Angry In Lambeth? You’re Not Alone

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Photo / dannybirchall

Do you live in the borough of Lambeth? Do you find yourself in a daily struggle to control the bubbling rage that seeps from beneath your very pores, causing you to erupt in an incandescent torrent at the slightest provocation?

You may not be alone. The British Association of Anger Management (or, in its onomatopoaeic acronym, BAAM) has mashed up a bunch of publically available data on crime, unemployment, and ONS figures, to conjure a map of the angriest places in Britain. Their conclusion? A cocktail of low employment (just 67% of adults are in a job), poor health, drugs, and population density, means that Lambeth is the angriest place in the country. The bristling rage isn’t limited to Lambeth, though: Enfield and Barnet are close behind, and London as a whole is ranked Britain’s most blood-boiled city.

In a naked advertisement for his organisation (and using the kind of wording normally found on a Scientology pamplet), BAAM diector Mike Fisher said:

“Crime, violence, domestic violence, road rage, addiction, eating disorders, depression and many other mental health issues all stem from our inability as a culture to handle or express our feelings, especially those of anger. Our courses are designed for anyone who is experiencing anger and stress related problems.”

He may be right about that, but is BAAM’s methodology for divining Lambeth as the locus of British irascibility correct? The borough may suffer disproportionately from the maladies of modern urban life, but it seems lazy to simply marry unemployment and high-density living with rancour. There’s probably more anger to be witnessed on the Central line during rush hour than at the local Jobcentre Plus. And Lambeth residents have the added benefit of living near to the geographic centre of London, with its myriad delights.

If Lambeth is the angriest London gets, we can consider ourselves lucky to live in such a chilled-out city.

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  • http://undefined PPPPPP

    Do you work for the Mayor’s office or something? This is the most crass and flippant response I’ve seen to this report.

    Here’s why –

    “but it seems lazy to simply marry unemployment and high-density living with rancour” – why? being unemployed and living in claustrophobic conditions is enough to make anyone feel frustrated and negative. Why wouldn’t it? And why is it a lazy suggestion to make a link between the two? It’s just common sense.

    “There’s probably more anger to be witnessed on the Central line during rush hour than at the local Jobcentre Plus” – I thought it was lazy to marry high-density living conditions with rancour? Have you ever been in the Job Centre in Brixton? Clearly not if you think it’s somewhere free of rancour and frustration, it makes rush hour on the tube look like a kid’s bike ride.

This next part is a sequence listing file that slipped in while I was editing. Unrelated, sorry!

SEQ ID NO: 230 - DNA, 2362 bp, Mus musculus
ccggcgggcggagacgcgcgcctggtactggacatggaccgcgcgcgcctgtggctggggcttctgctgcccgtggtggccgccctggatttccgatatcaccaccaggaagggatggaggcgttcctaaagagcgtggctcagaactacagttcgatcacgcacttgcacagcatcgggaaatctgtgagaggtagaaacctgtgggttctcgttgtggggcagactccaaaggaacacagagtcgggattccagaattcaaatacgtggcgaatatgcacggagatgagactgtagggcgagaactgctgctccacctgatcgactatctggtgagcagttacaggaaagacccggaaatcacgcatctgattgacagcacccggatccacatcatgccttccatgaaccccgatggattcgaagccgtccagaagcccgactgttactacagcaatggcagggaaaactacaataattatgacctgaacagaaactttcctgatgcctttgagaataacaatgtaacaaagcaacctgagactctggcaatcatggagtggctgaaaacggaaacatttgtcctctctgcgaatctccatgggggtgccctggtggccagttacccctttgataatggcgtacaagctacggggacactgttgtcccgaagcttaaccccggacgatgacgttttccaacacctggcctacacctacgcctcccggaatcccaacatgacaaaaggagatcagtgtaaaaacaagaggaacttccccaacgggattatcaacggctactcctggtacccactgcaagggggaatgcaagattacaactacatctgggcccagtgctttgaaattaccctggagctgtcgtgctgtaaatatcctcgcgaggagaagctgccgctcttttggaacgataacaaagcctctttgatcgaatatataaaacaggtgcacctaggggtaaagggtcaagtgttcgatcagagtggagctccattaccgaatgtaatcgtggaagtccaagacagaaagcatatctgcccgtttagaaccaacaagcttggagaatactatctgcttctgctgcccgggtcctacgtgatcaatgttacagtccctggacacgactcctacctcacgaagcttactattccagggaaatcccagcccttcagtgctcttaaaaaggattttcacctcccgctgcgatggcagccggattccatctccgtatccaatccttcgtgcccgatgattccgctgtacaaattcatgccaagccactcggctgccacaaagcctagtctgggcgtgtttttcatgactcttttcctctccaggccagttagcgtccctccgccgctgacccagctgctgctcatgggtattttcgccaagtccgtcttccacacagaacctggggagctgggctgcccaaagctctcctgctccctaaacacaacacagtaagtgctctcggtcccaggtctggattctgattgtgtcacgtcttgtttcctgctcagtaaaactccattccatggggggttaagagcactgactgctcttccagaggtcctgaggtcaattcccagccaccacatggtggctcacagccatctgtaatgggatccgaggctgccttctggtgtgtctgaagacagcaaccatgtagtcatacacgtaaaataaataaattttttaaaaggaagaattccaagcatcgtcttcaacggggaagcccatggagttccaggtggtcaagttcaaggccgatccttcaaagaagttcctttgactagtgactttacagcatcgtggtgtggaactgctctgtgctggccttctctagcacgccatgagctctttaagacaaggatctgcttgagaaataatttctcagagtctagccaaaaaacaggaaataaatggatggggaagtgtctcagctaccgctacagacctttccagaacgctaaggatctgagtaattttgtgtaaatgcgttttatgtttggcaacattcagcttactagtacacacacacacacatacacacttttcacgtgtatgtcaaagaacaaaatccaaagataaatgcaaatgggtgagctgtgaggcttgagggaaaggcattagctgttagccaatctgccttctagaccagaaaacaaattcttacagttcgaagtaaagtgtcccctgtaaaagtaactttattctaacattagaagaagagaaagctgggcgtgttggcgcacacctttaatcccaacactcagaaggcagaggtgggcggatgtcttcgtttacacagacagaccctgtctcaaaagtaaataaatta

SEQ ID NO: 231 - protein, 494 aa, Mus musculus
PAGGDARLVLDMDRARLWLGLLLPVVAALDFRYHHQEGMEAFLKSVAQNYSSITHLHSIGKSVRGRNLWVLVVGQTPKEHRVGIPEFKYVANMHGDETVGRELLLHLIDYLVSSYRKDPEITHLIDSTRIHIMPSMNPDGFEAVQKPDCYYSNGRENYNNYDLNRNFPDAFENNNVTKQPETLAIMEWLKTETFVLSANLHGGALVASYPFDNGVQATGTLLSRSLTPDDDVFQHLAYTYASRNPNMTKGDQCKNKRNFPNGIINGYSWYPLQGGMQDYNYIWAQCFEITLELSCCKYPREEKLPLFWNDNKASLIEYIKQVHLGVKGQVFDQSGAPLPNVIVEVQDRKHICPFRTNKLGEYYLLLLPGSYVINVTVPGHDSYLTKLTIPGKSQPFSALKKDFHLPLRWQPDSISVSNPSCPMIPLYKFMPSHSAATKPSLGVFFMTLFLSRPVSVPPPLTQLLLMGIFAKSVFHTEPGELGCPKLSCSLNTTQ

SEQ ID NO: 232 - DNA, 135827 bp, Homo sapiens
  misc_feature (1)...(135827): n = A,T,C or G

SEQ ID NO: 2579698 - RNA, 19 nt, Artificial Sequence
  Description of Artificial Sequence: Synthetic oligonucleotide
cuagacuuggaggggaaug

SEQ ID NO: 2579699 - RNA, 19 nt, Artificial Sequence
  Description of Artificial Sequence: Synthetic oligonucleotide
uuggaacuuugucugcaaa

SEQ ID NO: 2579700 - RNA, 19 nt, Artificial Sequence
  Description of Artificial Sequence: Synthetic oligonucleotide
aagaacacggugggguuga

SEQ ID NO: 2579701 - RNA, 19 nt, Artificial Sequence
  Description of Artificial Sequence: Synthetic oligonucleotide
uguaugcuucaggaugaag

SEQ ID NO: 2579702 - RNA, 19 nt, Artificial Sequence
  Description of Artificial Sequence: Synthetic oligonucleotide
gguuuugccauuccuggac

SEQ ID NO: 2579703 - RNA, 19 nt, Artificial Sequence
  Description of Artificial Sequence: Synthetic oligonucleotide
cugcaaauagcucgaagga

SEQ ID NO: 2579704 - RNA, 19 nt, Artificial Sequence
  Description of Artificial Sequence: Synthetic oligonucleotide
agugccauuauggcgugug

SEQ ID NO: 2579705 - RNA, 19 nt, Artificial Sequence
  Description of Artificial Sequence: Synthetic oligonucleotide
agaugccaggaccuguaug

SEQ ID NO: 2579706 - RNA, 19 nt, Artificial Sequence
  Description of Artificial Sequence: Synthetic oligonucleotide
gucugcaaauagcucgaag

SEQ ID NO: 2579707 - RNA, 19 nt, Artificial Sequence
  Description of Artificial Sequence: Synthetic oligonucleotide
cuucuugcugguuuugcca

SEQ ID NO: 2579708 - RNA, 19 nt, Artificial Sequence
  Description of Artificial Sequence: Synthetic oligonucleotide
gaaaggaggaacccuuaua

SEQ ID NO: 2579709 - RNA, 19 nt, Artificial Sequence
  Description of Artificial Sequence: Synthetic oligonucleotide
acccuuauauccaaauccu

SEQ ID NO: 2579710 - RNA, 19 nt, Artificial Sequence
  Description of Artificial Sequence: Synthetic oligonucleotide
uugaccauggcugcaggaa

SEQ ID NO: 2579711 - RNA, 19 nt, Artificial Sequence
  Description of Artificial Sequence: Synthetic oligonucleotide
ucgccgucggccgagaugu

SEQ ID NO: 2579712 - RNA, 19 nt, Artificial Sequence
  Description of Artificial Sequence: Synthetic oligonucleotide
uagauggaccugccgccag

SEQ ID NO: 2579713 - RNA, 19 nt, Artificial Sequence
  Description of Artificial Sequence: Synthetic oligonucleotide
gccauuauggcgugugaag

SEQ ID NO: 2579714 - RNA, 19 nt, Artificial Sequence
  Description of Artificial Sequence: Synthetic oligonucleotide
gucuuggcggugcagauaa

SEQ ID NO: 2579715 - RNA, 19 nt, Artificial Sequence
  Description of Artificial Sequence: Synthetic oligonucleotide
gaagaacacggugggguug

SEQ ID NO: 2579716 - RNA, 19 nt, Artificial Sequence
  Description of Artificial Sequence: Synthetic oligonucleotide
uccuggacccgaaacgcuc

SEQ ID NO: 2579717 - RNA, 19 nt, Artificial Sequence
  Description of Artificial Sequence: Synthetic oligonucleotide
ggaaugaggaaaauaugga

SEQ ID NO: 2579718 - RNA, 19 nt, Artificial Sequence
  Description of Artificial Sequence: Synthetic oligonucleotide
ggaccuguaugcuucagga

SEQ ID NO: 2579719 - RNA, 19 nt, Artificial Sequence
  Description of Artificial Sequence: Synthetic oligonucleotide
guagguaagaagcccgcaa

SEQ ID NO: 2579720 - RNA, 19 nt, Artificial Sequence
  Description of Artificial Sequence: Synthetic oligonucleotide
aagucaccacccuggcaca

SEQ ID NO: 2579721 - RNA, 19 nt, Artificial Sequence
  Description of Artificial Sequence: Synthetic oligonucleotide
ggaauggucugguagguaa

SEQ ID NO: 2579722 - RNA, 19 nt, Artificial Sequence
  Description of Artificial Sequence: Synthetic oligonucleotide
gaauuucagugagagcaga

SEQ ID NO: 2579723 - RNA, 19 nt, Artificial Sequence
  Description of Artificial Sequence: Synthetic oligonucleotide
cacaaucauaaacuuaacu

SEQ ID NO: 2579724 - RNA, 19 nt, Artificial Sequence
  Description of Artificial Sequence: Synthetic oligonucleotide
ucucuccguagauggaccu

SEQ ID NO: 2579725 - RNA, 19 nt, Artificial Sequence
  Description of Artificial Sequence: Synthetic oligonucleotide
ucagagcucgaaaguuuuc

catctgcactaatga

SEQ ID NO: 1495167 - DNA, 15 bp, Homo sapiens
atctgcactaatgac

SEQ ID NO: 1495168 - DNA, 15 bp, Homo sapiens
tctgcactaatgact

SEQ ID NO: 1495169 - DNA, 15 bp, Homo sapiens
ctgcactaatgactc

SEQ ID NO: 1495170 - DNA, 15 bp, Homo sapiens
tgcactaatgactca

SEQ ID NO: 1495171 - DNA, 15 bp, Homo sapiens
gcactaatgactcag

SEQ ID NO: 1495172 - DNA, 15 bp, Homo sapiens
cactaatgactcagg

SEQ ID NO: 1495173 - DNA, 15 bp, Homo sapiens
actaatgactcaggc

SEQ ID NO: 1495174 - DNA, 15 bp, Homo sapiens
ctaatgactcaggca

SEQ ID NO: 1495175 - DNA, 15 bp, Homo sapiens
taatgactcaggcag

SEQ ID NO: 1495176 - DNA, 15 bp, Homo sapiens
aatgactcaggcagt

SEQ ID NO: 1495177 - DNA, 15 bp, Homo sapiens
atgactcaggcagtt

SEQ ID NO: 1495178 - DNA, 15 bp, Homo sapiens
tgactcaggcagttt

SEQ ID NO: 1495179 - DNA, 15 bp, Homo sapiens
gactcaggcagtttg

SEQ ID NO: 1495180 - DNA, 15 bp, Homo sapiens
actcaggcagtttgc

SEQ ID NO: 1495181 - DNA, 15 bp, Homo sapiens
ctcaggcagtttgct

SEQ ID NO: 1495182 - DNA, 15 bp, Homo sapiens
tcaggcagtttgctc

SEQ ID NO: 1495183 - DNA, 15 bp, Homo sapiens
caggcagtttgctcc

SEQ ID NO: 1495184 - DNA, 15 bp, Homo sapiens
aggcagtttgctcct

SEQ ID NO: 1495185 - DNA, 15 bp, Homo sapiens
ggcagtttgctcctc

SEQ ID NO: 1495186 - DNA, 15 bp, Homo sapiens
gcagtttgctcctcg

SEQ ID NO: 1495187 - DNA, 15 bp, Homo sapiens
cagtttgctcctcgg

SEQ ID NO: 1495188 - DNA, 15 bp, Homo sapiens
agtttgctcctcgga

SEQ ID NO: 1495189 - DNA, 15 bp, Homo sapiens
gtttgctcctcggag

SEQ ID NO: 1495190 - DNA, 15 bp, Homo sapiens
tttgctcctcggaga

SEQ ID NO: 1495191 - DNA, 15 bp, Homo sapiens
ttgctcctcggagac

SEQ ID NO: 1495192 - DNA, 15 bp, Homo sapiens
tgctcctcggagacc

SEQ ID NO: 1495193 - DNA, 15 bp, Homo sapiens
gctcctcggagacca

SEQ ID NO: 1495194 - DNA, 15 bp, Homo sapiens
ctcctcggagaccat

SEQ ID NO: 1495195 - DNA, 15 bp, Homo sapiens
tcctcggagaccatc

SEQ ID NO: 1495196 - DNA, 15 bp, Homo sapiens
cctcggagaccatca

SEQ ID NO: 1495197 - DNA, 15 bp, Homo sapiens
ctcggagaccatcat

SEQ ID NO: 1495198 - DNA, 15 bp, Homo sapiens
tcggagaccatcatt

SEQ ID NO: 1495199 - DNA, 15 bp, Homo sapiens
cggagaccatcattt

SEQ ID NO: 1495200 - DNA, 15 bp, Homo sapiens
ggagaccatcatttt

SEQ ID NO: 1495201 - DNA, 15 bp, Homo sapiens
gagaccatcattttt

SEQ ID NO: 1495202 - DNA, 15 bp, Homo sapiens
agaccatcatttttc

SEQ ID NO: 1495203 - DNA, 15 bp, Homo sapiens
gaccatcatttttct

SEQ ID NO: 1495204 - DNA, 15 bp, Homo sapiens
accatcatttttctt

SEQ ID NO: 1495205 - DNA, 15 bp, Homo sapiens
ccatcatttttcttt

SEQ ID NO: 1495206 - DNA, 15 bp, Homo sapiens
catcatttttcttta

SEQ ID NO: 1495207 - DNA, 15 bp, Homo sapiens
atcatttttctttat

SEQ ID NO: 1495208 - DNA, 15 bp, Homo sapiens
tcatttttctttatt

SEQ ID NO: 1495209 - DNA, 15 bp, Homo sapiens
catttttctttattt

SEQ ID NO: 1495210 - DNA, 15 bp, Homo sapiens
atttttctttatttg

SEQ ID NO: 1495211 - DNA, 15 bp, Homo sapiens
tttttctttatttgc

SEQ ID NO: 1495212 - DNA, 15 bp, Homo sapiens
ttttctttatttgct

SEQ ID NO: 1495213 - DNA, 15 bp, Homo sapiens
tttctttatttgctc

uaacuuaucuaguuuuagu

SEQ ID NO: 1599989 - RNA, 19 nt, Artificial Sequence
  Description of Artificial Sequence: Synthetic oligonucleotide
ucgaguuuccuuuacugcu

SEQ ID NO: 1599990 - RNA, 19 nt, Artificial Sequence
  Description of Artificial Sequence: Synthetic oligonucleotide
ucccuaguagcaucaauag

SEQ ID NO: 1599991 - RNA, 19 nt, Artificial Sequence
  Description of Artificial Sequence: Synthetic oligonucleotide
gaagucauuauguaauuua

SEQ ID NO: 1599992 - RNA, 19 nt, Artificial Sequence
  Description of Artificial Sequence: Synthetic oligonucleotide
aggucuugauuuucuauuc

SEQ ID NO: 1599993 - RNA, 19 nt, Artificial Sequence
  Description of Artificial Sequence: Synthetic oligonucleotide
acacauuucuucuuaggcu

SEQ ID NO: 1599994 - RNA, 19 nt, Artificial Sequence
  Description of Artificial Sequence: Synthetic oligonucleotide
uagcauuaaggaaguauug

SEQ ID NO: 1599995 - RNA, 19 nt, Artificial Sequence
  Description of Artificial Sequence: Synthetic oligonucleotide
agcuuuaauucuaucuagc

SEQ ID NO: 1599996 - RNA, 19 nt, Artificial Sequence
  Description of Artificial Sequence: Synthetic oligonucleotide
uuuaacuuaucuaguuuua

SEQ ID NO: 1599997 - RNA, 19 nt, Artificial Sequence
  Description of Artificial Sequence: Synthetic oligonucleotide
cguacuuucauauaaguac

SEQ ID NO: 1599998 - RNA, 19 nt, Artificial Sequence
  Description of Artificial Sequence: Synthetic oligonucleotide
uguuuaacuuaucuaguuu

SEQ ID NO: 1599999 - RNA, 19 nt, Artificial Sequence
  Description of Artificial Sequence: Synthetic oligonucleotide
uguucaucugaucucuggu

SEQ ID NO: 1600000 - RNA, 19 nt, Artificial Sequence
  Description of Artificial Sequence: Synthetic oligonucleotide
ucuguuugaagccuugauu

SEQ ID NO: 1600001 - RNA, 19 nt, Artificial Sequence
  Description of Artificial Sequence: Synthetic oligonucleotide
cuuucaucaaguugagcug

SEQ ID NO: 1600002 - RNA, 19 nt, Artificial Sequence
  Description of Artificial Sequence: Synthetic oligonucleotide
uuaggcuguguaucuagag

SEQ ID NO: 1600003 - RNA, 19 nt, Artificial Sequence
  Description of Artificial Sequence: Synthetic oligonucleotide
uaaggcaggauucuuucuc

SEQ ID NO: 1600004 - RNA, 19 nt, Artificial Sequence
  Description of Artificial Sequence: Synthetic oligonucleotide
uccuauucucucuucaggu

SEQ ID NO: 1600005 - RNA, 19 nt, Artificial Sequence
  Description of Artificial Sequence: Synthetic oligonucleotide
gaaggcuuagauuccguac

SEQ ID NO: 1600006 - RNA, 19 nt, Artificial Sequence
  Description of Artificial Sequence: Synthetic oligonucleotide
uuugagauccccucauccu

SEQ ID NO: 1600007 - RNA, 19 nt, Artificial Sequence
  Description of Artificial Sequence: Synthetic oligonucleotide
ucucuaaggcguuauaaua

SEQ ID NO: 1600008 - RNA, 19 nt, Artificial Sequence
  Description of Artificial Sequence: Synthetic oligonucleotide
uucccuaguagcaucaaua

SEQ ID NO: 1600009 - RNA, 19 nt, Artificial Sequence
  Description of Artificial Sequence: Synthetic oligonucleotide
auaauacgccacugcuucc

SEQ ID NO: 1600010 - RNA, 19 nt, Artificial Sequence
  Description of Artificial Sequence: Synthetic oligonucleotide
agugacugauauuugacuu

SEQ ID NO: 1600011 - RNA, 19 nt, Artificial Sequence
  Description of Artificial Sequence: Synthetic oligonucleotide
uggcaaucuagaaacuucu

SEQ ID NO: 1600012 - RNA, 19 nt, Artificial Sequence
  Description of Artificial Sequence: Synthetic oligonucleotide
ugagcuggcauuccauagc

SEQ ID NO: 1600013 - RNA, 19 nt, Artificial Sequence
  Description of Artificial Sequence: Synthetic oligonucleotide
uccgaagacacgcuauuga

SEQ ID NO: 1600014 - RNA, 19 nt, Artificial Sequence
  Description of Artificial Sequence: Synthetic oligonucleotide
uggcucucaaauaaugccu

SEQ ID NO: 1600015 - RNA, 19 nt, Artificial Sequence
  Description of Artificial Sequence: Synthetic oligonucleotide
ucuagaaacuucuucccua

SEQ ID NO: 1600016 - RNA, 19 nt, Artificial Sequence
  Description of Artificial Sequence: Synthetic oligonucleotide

I work in Lambeth and can tell you from personal experience that it is a VERY angry place, just sit on the 35 or 37 bus going through Brixton any time of the day or night and look at the sullen miserable faces around you, listen to the irate spittle-flecked conversations going on between couples, mothers & children and nearly anyone who picks up their mobile phone to rant and rave at whoever is on the other end.

    My work is based within the criminal justice system and the level and nature of violent crime in the borough is shocking compared to anywhere else I have worked including other inner London boroughs.

    “And Lambeth residents have the added benefit of living near to the geographic centre of London, with its myriad delights” – quite hard to enjoy if you’re long term unemployed (as a shocking 67% of the borough are), mentally ill or hooked on crack and can hardly afford a can of baked beans let alone entry to an exhibition at the Tate or dinner in Soho.

    “If Lambeth is the angriest London gets, we can consider ourselves lucky to live in such a chilled-out city.” – this is the creme de la creme comment, just to cap off your whole stupid piece. Do you live in Lambeth? Would you want to? No one should be thankful to live in such blighted and deprived area – and if it’s so chilled out why don’t you ‘chill’ outside Brixton tube station on a Saturday night just to soak up the atmosphere? Or spend an evening at the Fridge perhaps – http://www.thisislondon.co.uk/standard/article-23810795-man-knifed-in-fight-outside-brixton-nightclub.do – nice place on an evening so I hear.

    • Tom Williams

      Gosh, I guess BAAM were right. Spending time in Lambeth is clearly highly correlated with anger…

  • New guest of Honour

    Here’s Lambeth for you. Take it from me, it’s hell!

    This is a bit of proof: http://www.youtube.com/watch?v=KIVp2WnC9mc&feature=channel_video_title